Photo by Joy Kinzie
There is never a time for news good or bad that is better than another. Time just is, well time… and it is up to us to make the most of it. In my time these days it seems like walking through a room filled with obituaries. Some I care about profoundly and some I pass by with a simple, ‘Oh well…’
I got up this morning at 0545 and I was beginning to get involved in my morning ablutions I noticed that there was a message notification from my friend Joy Kinzie on Oahu. Well I thought it was from my old friend Bob Kinzie who I met at Santa Clara the first couple of weeks I was on campus in 1962. He always used Joy’s email. I don’t even know if he had a personal email.
I opened it and as soon as I saw it was from Joy, I knew the news wasn’t going to be good.
Bob passed away on December 31, 2022 in San Diego. They were visiting their kids and grand kids in San Diego for the holidays I guess.
Photo by Jorma Kaukonen
The sadness of losing friends old or new is so selfish. We say, ‘I’m sorry for your loss,’ but what we really mean is, ‘I’m sorry for my loss.’ That’s got to be OK, perspective being such a personal thing and all.
I remember the first time I met Bob. Those first couple of weeks on a very conservative college campus were weighing heavy on me. I found myself at the University Of Santa Clara and I was starting to think I had made a big mistake and that my student deferment wasn’t worth being confined in such a monochromatic environment. Seems like a petty viewpoint over a half a century down the road but at 21 it made some sort of illogical sense.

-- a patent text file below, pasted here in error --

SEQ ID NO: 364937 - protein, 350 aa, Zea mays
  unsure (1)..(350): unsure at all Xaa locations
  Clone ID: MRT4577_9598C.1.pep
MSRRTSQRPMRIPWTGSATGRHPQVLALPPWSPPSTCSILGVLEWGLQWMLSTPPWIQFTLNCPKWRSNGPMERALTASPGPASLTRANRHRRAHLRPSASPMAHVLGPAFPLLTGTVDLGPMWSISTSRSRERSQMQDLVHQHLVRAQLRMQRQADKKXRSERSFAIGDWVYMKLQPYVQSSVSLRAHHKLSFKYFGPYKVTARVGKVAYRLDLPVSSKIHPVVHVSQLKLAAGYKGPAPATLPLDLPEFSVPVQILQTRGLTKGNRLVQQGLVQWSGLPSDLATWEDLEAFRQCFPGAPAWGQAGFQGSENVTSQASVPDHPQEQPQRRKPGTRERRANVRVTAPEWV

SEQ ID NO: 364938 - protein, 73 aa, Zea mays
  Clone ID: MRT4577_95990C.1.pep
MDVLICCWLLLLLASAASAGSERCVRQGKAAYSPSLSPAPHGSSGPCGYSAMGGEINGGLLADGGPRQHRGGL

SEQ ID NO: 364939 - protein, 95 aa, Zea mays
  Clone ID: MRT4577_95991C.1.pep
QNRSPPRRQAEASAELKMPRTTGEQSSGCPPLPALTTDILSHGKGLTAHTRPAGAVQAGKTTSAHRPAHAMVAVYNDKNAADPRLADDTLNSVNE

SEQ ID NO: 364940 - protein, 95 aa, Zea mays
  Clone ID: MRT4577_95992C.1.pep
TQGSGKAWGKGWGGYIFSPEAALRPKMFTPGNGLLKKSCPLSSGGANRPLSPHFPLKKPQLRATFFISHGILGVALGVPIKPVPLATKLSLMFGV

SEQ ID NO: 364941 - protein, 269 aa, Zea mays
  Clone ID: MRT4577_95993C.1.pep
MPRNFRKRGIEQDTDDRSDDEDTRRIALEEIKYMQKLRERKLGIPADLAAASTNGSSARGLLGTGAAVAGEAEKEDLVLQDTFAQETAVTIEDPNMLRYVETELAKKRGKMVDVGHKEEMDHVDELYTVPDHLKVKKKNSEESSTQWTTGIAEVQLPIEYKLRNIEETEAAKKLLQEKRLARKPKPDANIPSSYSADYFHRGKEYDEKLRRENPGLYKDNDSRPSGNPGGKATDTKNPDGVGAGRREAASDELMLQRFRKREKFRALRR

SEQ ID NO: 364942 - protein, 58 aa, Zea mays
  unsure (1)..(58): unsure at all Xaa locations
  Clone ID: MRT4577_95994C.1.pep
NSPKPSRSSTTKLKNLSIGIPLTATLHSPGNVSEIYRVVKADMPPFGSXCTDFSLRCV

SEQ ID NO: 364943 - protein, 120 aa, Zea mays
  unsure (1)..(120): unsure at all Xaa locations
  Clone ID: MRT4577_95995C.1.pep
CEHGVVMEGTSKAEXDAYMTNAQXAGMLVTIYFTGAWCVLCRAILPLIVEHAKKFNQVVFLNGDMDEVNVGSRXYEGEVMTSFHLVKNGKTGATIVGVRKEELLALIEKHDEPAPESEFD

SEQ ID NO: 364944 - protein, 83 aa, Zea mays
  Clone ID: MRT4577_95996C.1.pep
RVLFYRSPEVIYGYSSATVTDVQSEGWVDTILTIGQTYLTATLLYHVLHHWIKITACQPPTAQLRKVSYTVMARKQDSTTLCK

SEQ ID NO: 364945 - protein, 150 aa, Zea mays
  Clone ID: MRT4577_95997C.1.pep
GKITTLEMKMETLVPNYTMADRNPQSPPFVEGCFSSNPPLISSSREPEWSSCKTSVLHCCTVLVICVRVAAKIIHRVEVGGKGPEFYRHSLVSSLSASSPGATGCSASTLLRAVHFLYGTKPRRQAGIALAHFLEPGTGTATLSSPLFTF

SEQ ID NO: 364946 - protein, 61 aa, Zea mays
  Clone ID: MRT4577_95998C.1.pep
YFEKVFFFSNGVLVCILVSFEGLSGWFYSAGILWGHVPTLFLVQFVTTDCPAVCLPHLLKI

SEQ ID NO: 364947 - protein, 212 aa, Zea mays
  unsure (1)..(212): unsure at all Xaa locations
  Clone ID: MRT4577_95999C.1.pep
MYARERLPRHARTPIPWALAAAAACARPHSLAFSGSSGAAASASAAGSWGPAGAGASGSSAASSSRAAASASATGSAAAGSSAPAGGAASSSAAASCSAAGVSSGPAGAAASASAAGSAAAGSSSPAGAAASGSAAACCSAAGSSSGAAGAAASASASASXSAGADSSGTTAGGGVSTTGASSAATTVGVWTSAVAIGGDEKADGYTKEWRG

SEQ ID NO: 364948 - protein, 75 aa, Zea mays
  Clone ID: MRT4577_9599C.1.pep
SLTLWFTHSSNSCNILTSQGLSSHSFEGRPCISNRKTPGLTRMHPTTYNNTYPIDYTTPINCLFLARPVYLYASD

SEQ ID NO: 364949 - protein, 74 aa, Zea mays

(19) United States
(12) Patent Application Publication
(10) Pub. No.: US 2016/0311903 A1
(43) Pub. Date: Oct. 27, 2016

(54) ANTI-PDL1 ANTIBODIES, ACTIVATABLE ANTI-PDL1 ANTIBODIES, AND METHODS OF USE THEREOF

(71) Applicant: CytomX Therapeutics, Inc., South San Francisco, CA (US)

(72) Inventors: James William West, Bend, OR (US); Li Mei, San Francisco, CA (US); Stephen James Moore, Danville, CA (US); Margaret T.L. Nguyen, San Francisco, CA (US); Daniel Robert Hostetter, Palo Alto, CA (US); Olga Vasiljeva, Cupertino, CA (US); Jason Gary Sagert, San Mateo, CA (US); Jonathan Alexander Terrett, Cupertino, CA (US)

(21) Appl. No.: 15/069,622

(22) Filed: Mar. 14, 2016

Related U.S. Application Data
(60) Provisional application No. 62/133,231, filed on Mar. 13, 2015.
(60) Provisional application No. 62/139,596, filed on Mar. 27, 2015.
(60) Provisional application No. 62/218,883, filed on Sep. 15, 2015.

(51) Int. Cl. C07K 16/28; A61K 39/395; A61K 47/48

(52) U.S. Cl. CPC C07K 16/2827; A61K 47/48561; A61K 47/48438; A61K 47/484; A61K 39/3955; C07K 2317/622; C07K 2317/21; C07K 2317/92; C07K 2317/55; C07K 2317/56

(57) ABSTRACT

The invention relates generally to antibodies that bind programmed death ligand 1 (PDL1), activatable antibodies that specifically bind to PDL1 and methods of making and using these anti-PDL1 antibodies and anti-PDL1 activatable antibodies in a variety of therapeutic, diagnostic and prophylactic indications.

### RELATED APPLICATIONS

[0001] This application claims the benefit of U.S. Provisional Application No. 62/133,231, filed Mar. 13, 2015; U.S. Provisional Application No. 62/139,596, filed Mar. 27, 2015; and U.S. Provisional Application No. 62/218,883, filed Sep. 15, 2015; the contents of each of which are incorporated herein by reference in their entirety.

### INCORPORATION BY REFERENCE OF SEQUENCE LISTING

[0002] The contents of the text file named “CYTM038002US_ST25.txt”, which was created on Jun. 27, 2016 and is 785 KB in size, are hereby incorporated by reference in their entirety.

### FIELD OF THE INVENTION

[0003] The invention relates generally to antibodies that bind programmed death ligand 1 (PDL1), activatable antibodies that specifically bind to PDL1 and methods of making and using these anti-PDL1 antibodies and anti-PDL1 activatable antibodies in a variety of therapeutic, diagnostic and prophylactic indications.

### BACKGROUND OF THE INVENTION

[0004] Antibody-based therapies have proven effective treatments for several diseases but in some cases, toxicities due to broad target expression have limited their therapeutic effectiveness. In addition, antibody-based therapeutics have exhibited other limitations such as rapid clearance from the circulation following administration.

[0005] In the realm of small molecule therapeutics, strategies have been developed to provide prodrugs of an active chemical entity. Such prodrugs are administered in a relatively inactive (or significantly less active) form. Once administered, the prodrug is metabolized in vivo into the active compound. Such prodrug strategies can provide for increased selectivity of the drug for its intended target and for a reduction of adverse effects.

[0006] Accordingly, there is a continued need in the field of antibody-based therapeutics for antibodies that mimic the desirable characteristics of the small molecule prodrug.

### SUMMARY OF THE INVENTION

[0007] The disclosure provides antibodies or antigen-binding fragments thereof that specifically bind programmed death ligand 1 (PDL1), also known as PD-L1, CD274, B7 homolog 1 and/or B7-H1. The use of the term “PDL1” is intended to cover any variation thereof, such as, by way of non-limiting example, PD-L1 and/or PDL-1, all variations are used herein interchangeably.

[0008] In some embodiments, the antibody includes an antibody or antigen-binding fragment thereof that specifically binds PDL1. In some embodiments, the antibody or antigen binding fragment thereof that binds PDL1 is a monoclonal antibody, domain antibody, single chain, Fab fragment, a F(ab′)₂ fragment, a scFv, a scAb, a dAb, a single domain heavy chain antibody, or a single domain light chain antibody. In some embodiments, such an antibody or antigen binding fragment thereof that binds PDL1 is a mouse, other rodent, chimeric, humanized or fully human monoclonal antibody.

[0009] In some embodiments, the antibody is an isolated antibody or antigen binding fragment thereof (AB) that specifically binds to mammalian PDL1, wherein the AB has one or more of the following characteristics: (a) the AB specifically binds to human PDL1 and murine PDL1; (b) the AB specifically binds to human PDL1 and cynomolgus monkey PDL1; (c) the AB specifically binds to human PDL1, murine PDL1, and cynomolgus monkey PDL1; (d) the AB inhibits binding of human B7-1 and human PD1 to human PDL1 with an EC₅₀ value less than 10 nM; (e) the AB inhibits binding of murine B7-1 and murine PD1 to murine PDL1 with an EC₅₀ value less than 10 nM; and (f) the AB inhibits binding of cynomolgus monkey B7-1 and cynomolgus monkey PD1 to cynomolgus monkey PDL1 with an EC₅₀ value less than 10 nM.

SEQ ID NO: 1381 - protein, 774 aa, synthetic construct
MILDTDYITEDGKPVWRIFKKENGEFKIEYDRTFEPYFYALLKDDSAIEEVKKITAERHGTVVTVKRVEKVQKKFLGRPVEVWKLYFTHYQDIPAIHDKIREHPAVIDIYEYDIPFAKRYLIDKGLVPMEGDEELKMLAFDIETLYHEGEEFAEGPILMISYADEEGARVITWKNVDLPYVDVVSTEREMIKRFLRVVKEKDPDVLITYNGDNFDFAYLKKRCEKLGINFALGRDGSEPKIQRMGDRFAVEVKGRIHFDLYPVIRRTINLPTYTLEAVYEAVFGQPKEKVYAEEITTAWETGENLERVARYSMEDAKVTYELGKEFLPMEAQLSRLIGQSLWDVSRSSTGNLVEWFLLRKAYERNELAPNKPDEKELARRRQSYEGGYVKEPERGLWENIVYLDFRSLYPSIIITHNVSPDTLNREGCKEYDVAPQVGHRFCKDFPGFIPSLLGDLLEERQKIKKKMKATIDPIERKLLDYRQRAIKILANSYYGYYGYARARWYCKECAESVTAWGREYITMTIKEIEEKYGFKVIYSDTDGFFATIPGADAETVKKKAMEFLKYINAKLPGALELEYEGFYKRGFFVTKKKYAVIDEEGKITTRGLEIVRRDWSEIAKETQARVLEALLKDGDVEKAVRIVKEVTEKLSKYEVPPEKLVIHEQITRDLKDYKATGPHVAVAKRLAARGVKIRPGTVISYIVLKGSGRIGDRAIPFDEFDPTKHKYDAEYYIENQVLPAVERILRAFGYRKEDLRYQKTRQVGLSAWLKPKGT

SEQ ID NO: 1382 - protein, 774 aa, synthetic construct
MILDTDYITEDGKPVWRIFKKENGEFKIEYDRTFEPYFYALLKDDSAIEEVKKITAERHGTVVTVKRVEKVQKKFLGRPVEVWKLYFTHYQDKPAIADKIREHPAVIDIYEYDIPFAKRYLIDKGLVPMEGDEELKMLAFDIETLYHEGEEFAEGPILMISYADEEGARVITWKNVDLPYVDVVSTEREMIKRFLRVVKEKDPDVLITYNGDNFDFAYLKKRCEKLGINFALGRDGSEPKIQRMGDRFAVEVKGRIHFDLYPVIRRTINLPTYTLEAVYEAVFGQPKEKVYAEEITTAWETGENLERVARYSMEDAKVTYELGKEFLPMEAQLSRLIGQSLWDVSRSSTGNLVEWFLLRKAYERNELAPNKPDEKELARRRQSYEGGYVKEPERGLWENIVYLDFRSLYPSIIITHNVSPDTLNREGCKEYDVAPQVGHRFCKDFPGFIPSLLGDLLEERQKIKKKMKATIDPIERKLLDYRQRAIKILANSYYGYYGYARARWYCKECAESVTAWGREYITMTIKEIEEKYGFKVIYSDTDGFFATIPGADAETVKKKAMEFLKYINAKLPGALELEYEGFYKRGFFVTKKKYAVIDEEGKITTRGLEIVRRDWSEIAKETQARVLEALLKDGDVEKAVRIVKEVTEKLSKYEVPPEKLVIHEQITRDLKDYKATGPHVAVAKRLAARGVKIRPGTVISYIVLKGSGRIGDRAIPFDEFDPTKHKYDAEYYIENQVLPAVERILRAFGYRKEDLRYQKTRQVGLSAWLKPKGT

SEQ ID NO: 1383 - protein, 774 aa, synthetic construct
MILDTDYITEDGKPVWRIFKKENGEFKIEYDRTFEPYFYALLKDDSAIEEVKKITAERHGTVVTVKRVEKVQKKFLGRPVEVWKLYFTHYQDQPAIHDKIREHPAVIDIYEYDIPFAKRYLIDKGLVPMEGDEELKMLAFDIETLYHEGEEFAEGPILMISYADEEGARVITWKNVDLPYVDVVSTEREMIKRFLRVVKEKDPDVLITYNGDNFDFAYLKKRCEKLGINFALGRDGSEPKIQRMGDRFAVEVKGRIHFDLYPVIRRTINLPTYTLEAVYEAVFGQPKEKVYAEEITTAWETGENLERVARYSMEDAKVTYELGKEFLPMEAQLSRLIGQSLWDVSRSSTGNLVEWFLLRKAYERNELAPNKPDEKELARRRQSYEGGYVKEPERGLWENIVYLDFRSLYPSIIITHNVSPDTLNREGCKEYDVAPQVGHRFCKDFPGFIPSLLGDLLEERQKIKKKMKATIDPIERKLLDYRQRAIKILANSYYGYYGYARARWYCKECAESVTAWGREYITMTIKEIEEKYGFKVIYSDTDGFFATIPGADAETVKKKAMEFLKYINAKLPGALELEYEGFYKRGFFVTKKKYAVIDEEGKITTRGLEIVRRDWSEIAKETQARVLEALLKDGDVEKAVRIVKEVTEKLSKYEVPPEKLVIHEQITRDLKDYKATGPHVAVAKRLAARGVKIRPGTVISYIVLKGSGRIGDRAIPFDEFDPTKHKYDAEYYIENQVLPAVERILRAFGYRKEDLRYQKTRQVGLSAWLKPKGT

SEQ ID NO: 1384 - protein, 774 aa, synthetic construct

I was walking along one day hugging the wall and trying to remain anonymous. Bob was coming the other way. He looked at me. ‘I see you’re a wall walker.’ Bob had longish hair and a beard in an era when this would have been an anomaly on a conservative campus.
I knew I needed to get to know this guy.
We both loved guitar music. He was fonder of slack key stuff from the Islands, but guitar music is guitar music. Within the next couple of days he told me: ‘There’s this guitar who dropped out of Santa Clara this year. He’s a string loving folkie. You need to meet him.’ ‘Take me to him.’ This sounded like a really good and welcoming idea.
Bob was from Santa Cruz and grew up on Monterey Bay. As a surfer in that time his surf wagon was a ’57 Ford Two Door Post with the back seat out so the board could slide in through the trunk and fit behind the driver’s seat.
We left Santa Clara and drove up Highway 17, past Redwood Estates and down the mountain in Santa Cruz. Santa Cruz was still a sparsely populated beach town with an amusement park and a wooden roller coaster which was the first thing I noticed as we drove into town.
Down at the beach (I think it was near Steamer Lane but I’m not sure.) there was a dwelling less than a house and more than a shack and there I met Paul Kantner for the first time. Paul was never a blues cat but he was a folkie of the first water. We became friends immediately.
Since I didn’t have a car in California yet if I needed to get to some music related event in the Bay Area Bob, (good friend and music lover that he was) would drive me.
Life came upon us as life does and without changing who we were our lives took different paths. Bob always loved the sea. He was a skilled sailor and diver. I recall that he often went deeper that caution allowed, but that’s who he was. He wound up being a Big Dog in the Marine Biology Department at the University Of Hawaii. My muse, of course, was music and my path is fairly well documented. We reconnected in Hawaii sometime in the last twenty years and though I infrequently got over to the Islands, when on Oahu I would try to make it a point to see Joy and Bob. As it is with old friends aside from the fact that it became more difficult to put on a pair of long pants standing up, we were still those 20 year olds from Santa Clara.
Without Bob Kinzie, there would have never been a Jefferson Airplane. Bob, meeting you in front of Nobili Hall changed my life in ways I never could have imagined. Thanks for that old friend!
I hope that Mike and Hoku Kinzie’s kids know what a really cool guy Grandpa was.
It has been an honor to share space on the planet with you Bob.
Photo by Jorma Kaukonen